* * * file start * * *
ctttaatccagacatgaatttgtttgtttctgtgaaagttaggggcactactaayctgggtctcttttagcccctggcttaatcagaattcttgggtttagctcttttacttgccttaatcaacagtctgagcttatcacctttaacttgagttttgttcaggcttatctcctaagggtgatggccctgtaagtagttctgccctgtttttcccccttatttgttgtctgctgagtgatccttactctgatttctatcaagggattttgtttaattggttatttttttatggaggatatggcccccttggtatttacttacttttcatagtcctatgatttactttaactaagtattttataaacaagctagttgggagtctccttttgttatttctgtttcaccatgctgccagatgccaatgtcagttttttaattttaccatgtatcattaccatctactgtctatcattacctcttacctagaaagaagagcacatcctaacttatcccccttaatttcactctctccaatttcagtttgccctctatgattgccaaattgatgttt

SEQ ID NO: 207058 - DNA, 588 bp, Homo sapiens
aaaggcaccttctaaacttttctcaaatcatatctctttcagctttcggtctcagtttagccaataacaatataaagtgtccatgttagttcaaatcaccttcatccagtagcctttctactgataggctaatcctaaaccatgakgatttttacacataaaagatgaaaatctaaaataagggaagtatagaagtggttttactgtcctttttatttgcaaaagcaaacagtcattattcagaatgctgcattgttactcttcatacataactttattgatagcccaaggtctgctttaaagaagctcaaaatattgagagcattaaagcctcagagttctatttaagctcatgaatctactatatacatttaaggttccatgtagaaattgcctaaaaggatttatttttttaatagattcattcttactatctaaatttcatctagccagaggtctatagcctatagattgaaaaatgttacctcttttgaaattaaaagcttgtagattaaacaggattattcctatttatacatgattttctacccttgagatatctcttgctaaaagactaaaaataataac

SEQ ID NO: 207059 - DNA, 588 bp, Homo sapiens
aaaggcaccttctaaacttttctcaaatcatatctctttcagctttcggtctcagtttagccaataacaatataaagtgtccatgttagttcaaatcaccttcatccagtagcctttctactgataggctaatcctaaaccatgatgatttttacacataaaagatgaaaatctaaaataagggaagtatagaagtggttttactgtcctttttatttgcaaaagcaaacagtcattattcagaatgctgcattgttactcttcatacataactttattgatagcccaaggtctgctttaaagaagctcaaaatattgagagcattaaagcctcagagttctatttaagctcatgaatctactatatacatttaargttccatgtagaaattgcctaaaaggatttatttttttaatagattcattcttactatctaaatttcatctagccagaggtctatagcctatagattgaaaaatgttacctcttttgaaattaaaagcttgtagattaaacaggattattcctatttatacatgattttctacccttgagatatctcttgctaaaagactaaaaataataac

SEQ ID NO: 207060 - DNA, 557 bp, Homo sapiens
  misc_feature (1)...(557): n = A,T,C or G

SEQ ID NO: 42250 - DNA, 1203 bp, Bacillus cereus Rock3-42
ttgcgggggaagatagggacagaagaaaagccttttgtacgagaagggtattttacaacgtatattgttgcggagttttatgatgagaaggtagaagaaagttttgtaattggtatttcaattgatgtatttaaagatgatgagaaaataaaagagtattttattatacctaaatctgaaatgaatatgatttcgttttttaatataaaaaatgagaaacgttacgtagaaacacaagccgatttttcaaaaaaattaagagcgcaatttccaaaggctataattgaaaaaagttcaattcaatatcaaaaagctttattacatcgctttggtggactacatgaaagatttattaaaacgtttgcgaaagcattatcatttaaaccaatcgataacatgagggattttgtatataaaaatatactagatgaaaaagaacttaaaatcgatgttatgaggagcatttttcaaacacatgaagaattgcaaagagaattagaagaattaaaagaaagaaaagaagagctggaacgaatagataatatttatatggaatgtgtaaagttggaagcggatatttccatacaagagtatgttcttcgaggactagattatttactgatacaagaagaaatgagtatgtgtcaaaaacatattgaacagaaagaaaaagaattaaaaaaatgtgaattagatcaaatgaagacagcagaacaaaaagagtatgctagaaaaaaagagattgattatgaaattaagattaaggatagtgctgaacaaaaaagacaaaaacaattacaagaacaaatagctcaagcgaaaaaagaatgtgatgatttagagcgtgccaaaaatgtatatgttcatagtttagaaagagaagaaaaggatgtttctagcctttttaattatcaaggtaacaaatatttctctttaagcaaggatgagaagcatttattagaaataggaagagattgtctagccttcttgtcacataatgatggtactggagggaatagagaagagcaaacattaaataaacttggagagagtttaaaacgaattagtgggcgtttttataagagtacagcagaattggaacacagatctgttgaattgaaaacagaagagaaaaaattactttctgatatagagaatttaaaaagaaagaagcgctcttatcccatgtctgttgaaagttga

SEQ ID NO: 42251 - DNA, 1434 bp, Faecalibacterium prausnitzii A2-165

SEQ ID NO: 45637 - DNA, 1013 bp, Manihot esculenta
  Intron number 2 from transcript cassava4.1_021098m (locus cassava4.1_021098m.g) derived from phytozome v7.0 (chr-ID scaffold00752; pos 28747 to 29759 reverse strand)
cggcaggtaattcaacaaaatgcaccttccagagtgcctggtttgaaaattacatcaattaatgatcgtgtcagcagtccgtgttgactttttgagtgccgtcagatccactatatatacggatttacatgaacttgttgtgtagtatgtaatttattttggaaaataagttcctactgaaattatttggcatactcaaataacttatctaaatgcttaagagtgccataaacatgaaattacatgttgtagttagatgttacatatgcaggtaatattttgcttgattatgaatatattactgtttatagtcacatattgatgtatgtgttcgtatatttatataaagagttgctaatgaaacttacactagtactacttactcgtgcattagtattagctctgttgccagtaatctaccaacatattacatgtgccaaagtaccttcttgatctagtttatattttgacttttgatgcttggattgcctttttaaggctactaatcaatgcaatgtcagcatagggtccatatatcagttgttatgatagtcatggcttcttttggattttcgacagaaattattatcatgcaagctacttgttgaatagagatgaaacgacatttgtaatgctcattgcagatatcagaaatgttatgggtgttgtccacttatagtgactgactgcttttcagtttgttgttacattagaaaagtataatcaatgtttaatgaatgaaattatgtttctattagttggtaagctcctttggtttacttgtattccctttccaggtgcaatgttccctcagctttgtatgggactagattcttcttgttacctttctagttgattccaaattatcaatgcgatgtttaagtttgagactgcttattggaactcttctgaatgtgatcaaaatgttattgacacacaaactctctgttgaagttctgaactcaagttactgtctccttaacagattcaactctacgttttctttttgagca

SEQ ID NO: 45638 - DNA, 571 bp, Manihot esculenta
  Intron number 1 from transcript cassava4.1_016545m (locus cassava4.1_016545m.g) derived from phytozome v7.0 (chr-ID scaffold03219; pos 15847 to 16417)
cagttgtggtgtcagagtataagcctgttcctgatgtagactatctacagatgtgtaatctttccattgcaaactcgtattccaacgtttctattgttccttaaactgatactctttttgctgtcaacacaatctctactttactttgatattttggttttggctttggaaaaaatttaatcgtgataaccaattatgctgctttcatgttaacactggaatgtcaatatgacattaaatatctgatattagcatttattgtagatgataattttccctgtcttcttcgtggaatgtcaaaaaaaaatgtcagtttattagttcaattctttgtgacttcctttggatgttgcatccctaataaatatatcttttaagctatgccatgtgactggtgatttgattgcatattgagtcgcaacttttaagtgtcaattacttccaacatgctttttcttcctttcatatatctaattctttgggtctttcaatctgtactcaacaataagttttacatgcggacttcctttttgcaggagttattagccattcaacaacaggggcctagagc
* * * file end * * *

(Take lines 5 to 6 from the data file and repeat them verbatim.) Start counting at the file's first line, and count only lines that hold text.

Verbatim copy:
aaaggcaccttctaaacttttctcaaatcatatctctttcagctttcggtctcagtttagccaataacaatataaagtgtccatgttagttcaaatcaccttcatccagtagcctttctactgataggctaatcctaaaccatgatgatttttacacataaaagatgaaaatctaaaataagggaagtatagaagtggttttactgtcctttttatttgcaaaagcaaacagtcattattcagaatgctgcattgttactcttcatacataactttattgatagcccaaggtctgctttaaagaagctcaaaatattgagagcattaaagcctcagagttctatttaagctcatgaatctactatatacatttaargttccatgtagaaattgcctaaaaggatttatttttttaatagattcattcttactatctaaatttcatctagccagaggtctatagcctatagattgaaaaatgttacctcttttgaaattaaaagcttgtagattaaacaggattattcctatttatacatgattttctacccttgagatatctcttgctaaaagactaaaaataataac

SEQ ID NO: 207060 - DNA, 557 bp, Homo sapiens